Aso readies to take charge of Japan

September 24, 2008 12:00 am

, TOKYO, September 24 – Taro Aso prepared to take over as Japan’s new prime minister Wednesday, lining up his cabinet with like-minded conservatives to help his mission to revive the economy and win upcoming elections.

The flamboyant former foreign minister was to be installed by a parliament session opening at 1:00 pm (0400 GMT), and was expected quickly afterwards to fly to New York for the UN General Assembly.

"When I look at the financial situation and other things, I feel like we’re in a turbulent period — not in peacetime," he told reporters as he headed to parliament, referring to the crisis over bad debts hitting global markets.

And he added: "Frankly speaking, I am once again feeling the gravity of my responsibilities."

Outgoing prime minister Yasuo Fukuda, a mild centrist whose ratings dived after he raised medical costs for the elderly, formally resigned together with his cabinet to make way for Aso.

The ruling Liberal Democratic Party (LDP) picked Aso on Monday as its new leader by an overwhelming majority, placing its trust in a crowd-pleasing — though gaffe-prone — campaigner.

Analysts expect him to call a general election for as early as late October in a bid to hold off gains by the rising opposition, which has pounded away at the LDP’s traditional strongholds in the countryside.

The LDP has been in power for all but 10 months since 1955, but Aso will be its fourth prime minister in the past two years as the party struggles over a raft of scandals and, more recently, a faltering economy.

Aso said his first priority would be to pump stimulative spending into the economy, the world’s second largest but teetering on the brink of recession, clashing with traditional LDP free-market reformists who want action to tame a ballooning public debt.

Speaking at a meeting Tuesday with the LDP’s coalition partner New Komeito, Aso said the two parties "have been working together tackling difficulties for the sake of the stability and prosperity of Japan."

"I am determined to devote myself for the people of Japan," Aso said.

Aso, whose family has been involved in politics for generations, was likely to tap like-minded conservatives to key cabinet posts, media reports said.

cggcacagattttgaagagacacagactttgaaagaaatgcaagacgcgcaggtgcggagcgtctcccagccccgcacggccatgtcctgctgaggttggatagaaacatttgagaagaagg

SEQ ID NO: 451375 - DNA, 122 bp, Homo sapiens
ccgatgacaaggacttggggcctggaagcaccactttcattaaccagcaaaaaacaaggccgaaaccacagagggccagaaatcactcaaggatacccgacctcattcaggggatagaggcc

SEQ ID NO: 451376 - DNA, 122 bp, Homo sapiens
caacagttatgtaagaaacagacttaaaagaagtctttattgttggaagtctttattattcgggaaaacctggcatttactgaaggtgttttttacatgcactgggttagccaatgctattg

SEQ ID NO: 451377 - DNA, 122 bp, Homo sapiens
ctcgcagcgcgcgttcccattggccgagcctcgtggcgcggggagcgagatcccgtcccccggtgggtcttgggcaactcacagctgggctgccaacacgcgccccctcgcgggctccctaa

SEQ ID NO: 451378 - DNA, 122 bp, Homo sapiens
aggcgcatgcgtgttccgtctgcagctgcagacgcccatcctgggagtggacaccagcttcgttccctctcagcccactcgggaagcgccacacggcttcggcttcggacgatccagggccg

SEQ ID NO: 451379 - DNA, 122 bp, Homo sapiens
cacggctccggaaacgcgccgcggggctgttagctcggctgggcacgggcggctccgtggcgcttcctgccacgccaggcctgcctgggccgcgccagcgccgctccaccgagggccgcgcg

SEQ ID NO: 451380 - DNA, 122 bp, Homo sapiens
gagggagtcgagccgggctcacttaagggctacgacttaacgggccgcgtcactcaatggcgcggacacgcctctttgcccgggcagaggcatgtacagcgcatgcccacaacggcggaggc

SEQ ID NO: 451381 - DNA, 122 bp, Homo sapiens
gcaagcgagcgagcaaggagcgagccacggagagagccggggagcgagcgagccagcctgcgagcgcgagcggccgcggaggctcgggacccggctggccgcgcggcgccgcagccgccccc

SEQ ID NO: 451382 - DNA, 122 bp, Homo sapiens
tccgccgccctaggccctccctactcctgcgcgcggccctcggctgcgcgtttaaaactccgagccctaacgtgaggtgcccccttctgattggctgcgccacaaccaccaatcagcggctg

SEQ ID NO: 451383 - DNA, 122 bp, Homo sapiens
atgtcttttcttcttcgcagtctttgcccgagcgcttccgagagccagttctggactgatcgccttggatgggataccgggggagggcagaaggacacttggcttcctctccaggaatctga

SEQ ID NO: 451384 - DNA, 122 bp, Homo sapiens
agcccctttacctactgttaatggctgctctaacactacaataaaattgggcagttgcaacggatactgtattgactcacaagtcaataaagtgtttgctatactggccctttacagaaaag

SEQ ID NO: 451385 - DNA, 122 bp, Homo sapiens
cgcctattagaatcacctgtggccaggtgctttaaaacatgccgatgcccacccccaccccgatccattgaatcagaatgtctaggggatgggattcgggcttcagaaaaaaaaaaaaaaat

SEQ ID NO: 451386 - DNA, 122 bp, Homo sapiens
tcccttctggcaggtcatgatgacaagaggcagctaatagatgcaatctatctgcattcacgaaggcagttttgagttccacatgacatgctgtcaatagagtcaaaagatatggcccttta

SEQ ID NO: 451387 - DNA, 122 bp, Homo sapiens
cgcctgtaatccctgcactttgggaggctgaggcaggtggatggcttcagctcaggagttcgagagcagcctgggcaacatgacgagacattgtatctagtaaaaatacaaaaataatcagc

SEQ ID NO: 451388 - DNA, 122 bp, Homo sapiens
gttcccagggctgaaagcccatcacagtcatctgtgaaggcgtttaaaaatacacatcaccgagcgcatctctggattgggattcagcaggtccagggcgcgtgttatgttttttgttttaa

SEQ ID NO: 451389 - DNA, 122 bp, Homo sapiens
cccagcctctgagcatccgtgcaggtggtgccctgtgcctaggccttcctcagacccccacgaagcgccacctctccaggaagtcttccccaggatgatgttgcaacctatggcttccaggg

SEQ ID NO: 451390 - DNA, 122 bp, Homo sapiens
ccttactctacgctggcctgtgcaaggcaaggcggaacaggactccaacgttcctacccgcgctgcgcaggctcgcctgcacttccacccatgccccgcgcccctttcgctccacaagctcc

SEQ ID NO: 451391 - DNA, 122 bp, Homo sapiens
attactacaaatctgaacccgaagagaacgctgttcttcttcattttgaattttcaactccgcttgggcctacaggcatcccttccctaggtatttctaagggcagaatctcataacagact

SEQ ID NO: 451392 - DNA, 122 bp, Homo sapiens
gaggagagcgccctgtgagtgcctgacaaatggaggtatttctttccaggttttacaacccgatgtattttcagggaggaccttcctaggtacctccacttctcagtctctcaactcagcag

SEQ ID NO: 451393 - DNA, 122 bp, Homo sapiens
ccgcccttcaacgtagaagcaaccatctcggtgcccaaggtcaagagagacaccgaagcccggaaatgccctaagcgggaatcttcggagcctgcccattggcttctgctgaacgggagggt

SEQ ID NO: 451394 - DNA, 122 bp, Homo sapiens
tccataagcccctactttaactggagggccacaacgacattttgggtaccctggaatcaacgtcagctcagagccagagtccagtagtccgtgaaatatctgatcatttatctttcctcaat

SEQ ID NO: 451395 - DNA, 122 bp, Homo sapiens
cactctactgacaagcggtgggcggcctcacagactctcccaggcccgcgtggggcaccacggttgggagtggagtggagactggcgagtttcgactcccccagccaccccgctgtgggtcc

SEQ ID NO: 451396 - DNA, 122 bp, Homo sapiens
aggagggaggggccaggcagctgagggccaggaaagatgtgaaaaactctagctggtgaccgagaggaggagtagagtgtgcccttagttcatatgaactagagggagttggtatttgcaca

Major newspapers said the foreign minister would be Fumihiro Nakasone, the son of one of Japan’s best-known premiers, Yasuhiro Nakasone, a conservative who led Japan in the 1980s and was a close ally in US president Ronald Reagan’s anti-communist campaign.

The younger Nakasone has served as science and education minister, during which he paid the first visit by someone in the post to South Korea, where many people resent how Japan teaches its past colonial history.

Like Aso, Nakasone was uneasy with some of the free-market reforms during the 2001-2006 premiership of Junichiro Koizumi, who was popular with the public but blamed by some LDP members for alienating rural voters by cutting services.

Reports said the defence ministry post would go to Yasukazu Hamada, who is known for his strong support of the military alliance with the United States.

The finance ministry was expected to go to Shoichi Nakagawa, an outspoken nationalist who was shunned by the more dovish Fukuda.

Nakagawa, a former industry minister known to enjoy a drink, has raised controversy through strong criticism of China and his calls for Japan, the only nation to have suffered atomic attack, to study developing nuclear weapons.

Aso promises a return both at home and abroad to some of the more flamboyant ways of Koizumi, who would regale summits by singing Elvis Presley songs, after a two-year gap of drier leaders.

Known for his love of comic books, as foreign minister he has entertained summits by doing a Humphrey Bogart impersonation and dancing in the costume of a samurai.



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